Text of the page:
hearts of her past come to the front to haunt
The picture, based on the stage play by Phillip
Dunning and George Abbott, reveals the life be-
hind the scenes of the players in the tawdry ied-
icine tent shows and the more glanorous car-
nivals. Gone is the Miss Chatterton of the society
drawing room; in her stead is the cheap ddncer
of the cheaper shows.
Miss Chatterton is supported in this film by
George Brent, Frank McHugh and Guy Kibbee.
The picture was directed by William Wellman.
A W ashington
WASHINGTON - If there was doubt in any-
body's mind about the political significance at-
tached by Democratic chieftains to the original
Senate vote on the Steiwer-Cutting amendment
on veterans' cuts Senator Arthur Robinson's out-
line of his re-election campaign plans out in In-
dianapolis would seem to set it at rest.
He is a Republican lone-wolf in an otherwise
Democratic state delegation to Congress. He
started his re-election campaign as soon as the
special session of Congress convened. He selected
the veterans' cut issue 'right then as the probable
best bet for the 1933 campaigning.
That was precisely the situation pictured to
House Democrats in the party conference which
paved the way for ultimate White House victory
over a Senate revolt on the veterans' reduction
issue. Had there been any Republican break-away
in the Senate on the vote which adopted the
Steiwer-Cutting amendment, Democratic leader-
ship would have had a far more difficult task
in whipping House followers into line to resist the
Senate drive and save &gident Roosevelt from
resort to a veto.
Appeal to Loyalty
The Democrats were advised that the Senate
vote marked a definite Republican decision to go
to the bat on the question of veterans' cuts next
year in virtually every Senatorial and House dis-
trict. Democratic party loyalty would be judged,
they were warned, on how they lined up in the
clash between the Senate and the White House.
And the fact that Postmaster General Farley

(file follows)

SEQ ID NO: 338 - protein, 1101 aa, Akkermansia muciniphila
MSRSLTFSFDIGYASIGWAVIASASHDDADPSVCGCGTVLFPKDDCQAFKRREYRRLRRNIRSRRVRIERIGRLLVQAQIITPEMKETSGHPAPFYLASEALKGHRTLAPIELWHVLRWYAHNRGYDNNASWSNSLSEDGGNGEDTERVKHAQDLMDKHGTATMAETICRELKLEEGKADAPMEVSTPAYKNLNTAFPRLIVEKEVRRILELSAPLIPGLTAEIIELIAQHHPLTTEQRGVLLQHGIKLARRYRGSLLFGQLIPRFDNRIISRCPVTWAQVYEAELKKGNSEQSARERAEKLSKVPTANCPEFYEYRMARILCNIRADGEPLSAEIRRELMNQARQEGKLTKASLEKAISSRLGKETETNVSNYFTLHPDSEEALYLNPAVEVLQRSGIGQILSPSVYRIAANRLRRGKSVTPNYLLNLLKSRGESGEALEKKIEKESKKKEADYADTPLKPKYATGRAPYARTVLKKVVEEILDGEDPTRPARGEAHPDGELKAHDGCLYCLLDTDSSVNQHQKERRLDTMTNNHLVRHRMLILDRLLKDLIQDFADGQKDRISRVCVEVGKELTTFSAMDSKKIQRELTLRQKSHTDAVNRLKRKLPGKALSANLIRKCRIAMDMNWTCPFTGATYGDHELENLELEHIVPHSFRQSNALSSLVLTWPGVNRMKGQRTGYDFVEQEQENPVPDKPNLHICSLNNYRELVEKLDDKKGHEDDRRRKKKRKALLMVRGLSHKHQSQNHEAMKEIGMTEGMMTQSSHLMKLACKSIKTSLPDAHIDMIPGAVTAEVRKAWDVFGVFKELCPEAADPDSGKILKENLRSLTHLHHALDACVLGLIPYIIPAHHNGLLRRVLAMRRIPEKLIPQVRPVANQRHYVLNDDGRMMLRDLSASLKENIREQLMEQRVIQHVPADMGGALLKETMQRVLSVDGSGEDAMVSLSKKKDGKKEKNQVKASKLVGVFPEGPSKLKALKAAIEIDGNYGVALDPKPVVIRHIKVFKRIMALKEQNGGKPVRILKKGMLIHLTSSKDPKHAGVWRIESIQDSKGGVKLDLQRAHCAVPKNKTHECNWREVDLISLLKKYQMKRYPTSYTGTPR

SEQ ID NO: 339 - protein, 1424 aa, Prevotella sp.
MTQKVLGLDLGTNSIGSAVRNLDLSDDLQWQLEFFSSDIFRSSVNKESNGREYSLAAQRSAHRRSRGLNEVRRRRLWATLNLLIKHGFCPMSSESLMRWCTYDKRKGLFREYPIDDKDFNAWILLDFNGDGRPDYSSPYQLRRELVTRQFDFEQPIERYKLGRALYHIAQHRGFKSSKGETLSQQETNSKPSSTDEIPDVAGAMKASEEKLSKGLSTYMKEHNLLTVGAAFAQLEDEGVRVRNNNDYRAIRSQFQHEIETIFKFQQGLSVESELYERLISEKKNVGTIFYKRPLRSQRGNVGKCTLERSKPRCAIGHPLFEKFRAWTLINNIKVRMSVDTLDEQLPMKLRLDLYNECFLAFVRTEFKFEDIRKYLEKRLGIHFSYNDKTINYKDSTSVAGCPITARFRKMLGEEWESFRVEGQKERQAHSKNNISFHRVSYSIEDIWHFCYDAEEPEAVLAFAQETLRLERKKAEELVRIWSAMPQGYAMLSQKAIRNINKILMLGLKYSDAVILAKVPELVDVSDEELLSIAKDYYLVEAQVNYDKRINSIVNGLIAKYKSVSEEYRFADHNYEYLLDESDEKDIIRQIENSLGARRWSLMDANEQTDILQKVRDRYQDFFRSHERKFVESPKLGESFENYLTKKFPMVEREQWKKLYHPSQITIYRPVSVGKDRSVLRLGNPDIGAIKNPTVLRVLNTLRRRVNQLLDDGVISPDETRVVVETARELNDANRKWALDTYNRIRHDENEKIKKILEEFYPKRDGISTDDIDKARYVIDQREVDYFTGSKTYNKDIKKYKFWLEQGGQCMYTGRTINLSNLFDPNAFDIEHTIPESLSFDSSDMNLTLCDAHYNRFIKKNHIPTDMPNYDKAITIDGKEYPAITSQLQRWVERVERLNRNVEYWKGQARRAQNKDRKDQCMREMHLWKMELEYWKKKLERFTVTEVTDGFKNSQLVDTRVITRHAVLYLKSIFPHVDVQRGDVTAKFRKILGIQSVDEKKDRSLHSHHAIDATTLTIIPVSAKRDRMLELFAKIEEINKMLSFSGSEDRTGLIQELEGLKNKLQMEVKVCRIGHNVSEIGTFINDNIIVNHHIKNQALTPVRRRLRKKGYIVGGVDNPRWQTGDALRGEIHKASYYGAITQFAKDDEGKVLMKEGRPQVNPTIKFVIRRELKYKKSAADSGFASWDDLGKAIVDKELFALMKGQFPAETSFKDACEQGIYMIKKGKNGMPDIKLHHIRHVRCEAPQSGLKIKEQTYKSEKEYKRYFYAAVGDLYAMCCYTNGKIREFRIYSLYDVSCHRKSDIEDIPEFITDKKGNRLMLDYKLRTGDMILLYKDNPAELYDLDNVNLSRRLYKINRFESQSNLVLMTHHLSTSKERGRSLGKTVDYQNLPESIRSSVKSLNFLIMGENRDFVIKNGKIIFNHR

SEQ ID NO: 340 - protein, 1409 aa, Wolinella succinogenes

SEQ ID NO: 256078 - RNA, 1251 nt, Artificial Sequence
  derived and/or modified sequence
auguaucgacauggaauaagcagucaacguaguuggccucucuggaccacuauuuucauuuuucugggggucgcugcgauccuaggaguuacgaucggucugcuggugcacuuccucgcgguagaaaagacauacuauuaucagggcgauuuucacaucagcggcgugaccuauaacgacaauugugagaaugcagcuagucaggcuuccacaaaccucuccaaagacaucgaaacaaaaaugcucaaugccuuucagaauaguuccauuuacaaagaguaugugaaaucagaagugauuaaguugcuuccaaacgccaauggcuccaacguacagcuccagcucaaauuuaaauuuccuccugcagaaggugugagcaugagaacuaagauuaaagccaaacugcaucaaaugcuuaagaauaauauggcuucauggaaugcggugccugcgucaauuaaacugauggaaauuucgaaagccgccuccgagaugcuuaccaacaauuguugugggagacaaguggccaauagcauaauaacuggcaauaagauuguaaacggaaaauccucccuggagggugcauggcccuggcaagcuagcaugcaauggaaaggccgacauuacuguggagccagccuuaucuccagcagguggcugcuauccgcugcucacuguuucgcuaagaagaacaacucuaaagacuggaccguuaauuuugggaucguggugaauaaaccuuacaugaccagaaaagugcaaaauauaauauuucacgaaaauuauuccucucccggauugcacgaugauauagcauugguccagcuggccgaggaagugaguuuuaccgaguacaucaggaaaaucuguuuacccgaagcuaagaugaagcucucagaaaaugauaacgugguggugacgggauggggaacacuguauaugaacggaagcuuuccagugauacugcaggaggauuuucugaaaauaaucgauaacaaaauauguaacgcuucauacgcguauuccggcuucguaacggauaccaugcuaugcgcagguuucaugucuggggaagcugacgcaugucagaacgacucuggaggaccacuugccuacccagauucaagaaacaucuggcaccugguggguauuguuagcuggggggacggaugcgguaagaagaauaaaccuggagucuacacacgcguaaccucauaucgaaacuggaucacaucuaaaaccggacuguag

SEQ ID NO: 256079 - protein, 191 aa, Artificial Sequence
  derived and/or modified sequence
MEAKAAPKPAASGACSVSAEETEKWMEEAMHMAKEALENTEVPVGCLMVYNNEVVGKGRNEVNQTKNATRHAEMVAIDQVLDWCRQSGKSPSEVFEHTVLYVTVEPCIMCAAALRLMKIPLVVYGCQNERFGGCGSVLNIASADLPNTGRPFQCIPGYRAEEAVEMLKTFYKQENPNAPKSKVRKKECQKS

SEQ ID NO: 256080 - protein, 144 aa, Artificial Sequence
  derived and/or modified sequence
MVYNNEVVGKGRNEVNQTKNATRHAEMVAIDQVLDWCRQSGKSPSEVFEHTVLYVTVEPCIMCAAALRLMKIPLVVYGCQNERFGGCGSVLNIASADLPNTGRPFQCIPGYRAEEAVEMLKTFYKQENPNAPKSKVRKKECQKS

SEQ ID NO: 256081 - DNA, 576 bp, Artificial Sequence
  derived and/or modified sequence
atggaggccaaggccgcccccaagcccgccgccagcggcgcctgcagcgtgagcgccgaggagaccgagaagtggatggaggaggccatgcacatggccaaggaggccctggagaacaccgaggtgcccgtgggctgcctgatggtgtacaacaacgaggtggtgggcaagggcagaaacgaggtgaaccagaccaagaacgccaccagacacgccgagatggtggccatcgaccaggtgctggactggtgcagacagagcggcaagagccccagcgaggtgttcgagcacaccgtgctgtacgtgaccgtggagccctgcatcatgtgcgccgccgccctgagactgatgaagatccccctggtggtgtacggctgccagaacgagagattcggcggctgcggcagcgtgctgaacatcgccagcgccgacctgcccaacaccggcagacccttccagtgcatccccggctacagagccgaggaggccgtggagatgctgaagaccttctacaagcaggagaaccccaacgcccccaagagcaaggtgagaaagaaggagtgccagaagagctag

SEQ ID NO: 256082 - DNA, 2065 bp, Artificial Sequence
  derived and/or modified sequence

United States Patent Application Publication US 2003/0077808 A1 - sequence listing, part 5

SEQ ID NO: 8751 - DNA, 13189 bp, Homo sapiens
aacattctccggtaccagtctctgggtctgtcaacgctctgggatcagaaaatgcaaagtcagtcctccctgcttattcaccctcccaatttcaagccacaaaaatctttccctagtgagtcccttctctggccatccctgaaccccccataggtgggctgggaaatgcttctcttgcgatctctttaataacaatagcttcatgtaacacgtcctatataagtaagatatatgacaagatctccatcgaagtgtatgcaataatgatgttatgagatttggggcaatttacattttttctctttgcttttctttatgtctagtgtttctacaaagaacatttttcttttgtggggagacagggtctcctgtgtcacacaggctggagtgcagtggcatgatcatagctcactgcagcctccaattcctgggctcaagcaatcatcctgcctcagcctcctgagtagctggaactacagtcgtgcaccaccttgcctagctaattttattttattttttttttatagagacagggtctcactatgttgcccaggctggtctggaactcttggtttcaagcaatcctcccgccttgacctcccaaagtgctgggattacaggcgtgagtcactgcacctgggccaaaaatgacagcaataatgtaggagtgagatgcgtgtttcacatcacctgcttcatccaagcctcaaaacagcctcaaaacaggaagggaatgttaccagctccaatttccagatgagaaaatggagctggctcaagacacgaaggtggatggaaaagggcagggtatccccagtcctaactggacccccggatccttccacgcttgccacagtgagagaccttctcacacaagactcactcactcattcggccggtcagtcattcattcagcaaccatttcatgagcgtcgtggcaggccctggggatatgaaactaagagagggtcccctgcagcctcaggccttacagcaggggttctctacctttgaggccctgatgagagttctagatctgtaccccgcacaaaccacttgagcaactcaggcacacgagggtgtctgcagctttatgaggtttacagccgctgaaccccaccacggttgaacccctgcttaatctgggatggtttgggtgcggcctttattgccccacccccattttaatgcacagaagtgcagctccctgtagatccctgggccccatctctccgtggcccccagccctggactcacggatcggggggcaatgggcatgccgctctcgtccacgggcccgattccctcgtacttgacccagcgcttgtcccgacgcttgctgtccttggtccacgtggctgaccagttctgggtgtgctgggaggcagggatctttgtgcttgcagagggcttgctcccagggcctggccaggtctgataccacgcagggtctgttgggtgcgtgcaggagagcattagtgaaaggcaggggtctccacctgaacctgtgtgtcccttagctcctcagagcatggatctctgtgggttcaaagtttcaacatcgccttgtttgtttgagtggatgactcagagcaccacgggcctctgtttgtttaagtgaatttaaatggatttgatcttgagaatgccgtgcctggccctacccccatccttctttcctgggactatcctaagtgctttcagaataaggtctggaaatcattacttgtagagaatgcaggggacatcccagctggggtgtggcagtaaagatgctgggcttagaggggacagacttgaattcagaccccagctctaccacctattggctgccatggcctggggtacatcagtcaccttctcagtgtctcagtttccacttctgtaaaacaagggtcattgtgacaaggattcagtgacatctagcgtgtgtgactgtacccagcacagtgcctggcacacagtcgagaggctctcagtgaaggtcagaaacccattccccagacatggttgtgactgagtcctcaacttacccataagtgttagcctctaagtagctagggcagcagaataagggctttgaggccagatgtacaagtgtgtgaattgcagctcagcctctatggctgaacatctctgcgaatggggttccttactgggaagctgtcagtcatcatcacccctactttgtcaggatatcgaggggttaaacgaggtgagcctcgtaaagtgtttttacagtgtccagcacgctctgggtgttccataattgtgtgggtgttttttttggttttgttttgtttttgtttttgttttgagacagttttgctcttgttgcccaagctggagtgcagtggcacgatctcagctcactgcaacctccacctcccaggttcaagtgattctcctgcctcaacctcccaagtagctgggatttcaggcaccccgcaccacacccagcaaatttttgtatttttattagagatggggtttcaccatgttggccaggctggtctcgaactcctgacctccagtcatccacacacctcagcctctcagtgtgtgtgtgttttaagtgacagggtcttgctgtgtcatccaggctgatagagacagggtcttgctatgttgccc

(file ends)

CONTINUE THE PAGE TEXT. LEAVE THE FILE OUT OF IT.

personally checked up on how Senate Democrats
voted in the final showdown, with seven of them
changing front to give the administration its ul-
timate victory, is not to be forgotten.
It is insisted by Democrats "in the know" that
Farley made no patronage or other promises
whatever. Yet the fact that he was on the job
that night probably had a compelling influence on
more than one Democrat who dreaded the effect
the vote he was asked to cast might have on his
own political fortunes.

Other Campaign Weapons
Senator Robinson - who constituted himself
chief critic of the "new deal' during the special
session-adds war debt handling and -the fact
that Roosevelt lieutenants like Secretary Woodin
and Ambassador-at-Large Davis figured on the
Morgan preferred' buyer lists, to his - announced
arsenal of campaigning weapons.
It is too early to estimate probable 1933 political
values in those respects. But President Roosevelt
and his political strategy inner circle cannot doubt
that the actual administration of powers over vet-
erans' compensation is one of the most delicate
political tasks ahead of them.
Editorial Comment
By a simple proclamation, Adolf Hitler the other
day erased the last great political party that re-
mained in opposition to his policies of the New
The Social Democrats, who polled 7,000,000
votes at the last election, were charged with trea-
sonable activities and it was decreed that Ger-
many shall henceforth be nothing but National
Socialist. In addition, all youth .organizations
were brought together under the direction of the
central commissioner responsible to Hitler himself.
So stupendous is the momentum of the Nazi
movement in Germany and many other sections
of Europe that Hitler will probably succeed. Op-
position already has dwindled almost to nothing-
ness and probably will fade altogether. But in the